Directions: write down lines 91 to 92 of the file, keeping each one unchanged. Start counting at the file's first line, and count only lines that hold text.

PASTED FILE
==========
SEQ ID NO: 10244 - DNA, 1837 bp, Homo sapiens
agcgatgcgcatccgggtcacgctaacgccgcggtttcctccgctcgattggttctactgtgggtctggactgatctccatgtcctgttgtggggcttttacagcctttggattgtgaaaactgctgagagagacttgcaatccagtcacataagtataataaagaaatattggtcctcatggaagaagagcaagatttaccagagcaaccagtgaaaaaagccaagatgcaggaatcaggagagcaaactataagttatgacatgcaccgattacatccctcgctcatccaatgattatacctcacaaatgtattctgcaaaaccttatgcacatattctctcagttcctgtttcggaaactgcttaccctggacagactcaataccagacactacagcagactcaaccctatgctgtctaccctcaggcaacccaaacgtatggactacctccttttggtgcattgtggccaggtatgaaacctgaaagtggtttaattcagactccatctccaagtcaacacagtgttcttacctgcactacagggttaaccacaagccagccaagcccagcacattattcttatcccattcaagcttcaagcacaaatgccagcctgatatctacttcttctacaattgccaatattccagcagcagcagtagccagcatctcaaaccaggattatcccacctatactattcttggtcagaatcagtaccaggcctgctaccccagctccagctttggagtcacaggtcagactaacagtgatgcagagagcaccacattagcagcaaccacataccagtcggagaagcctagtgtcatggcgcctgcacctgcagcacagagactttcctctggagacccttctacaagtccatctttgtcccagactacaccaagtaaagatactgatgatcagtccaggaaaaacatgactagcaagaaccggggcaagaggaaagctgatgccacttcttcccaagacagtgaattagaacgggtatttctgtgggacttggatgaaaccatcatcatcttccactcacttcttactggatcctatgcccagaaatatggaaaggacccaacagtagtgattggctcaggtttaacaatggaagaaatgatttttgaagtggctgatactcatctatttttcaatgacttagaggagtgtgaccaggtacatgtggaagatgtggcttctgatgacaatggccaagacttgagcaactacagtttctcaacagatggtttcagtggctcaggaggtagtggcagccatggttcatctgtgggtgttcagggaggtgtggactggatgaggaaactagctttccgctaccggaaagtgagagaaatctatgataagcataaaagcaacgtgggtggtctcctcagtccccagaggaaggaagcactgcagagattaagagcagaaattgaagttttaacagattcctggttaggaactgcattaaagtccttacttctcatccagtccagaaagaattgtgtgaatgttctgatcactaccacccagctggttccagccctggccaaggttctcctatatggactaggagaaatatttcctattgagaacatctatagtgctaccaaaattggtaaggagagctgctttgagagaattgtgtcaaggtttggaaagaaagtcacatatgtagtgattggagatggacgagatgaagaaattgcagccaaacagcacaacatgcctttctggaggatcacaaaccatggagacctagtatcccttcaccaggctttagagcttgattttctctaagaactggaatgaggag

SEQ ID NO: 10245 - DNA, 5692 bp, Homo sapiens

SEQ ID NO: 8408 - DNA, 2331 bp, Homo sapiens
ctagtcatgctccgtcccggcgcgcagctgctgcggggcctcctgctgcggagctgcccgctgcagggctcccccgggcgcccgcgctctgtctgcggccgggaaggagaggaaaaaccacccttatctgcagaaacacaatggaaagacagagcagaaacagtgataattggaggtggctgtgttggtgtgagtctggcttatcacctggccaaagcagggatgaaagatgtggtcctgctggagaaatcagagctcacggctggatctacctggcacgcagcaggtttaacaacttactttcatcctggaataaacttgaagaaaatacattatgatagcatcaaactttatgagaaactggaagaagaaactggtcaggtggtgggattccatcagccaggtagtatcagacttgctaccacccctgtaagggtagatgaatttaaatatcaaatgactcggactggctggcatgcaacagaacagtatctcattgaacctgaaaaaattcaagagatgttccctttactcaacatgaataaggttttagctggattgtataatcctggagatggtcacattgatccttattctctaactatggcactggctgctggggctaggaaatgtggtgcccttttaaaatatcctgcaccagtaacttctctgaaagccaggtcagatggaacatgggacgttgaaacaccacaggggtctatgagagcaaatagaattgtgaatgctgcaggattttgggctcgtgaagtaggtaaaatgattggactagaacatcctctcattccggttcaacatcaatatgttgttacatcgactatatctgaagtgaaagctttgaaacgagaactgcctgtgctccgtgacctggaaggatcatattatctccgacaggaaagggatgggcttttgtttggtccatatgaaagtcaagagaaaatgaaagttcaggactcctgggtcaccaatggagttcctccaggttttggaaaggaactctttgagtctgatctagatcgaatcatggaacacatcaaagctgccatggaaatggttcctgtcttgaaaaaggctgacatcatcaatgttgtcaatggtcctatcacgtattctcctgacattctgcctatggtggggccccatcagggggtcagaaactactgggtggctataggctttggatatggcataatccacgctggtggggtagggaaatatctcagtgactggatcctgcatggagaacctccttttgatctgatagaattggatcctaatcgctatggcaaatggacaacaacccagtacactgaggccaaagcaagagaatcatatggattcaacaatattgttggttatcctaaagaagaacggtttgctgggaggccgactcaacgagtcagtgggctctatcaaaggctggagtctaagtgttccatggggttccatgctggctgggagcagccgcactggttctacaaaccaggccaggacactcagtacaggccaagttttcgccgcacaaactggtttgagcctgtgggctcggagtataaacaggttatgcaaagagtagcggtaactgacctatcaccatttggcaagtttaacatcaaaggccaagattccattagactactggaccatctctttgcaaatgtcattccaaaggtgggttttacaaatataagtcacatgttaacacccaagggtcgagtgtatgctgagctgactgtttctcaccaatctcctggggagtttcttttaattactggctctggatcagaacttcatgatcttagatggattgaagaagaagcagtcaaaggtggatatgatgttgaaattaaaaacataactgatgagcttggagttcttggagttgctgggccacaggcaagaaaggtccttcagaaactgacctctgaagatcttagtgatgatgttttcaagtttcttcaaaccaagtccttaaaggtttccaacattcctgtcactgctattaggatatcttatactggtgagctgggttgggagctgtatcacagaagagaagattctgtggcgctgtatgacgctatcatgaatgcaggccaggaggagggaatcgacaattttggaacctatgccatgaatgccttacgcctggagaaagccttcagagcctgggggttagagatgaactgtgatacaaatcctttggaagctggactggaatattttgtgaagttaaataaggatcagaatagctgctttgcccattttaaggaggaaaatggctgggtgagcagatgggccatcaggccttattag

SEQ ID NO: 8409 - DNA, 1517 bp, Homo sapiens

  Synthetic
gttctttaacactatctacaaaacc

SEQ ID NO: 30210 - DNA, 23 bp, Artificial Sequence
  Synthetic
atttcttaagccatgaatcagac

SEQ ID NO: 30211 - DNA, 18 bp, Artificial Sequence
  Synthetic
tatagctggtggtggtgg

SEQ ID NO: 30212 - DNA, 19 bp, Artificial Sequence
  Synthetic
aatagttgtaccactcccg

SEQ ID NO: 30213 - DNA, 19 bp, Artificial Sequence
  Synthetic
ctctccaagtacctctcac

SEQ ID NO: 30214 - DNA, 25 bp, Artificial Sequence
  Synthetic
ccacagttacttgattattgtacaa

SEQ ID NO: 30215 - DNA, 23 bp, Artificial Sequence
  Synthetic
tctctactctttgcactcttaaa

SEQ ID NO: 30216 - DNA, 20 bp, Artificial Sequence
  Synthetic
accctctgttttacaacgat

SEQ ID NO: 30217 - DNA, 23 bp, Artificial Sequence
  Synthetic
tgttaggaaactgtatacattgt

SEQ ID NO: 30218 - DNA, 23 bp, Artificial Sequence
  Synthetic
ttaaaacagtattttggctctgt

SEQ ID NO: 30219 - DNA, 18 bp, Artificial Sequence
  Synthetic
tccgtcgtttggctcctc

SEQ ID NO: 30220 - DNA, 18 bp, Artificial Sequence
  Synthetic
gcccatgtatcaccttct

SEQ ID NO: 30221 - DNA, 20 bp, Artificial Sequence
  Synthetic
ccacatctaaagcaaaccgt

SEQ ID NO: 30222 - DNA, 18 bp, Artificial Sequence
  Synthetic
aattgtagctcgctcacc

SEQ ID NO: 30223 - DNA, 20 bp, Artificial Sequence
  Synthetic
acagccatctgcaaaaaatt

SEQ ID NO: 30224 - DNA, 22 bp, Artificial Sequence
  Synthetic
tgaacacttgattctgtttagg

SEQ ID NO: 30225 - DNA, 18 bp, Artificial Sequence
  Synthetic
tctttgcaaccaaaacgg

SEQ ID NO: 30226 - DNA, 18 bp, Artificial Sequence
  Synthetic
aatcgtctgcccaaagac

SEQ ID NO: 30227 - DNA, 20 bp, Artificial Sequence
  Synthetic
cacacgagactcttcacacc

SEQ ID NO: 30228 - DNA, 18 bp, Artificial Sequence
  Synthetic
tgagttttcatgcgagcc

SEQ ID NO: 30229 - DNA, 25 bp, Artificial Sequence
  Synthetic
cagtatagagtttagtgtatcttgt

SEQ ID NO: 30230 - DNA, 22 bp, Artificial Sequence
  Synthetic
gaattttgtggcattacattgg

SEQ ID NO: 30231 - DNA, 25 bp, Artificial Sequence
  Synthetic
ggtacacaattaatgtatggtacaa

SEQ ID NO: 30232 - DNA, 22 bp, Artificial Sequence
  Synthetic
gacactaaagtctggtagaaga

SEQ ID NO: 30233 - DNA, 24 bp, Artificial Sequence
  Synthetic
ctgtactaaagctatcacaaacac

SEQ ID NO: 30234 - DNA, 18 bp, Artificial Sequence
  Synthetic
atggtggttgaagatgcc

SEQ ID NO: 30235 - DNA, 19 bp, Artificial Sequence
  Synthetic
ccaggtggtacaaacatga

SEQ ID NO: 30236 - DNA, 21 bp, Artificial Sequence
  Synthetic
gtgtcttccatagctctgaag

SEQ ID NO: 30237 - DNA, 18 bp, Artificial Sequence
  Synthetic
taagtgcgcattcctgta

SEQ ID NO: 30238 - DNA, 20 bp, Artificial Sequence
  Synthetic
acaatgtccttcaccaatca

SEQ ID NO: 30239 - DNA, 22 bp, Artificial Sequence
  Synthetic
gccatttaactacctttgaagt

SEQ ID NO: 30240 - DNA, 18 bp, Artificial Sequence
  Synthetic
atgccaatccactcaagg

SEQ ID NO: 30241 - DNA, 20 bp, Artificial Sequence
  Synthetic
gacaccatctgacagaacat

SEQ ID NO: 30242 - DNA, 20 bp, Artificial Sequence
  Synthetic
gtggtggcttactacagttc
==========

  Synthetic
taagtgcgcattcctgta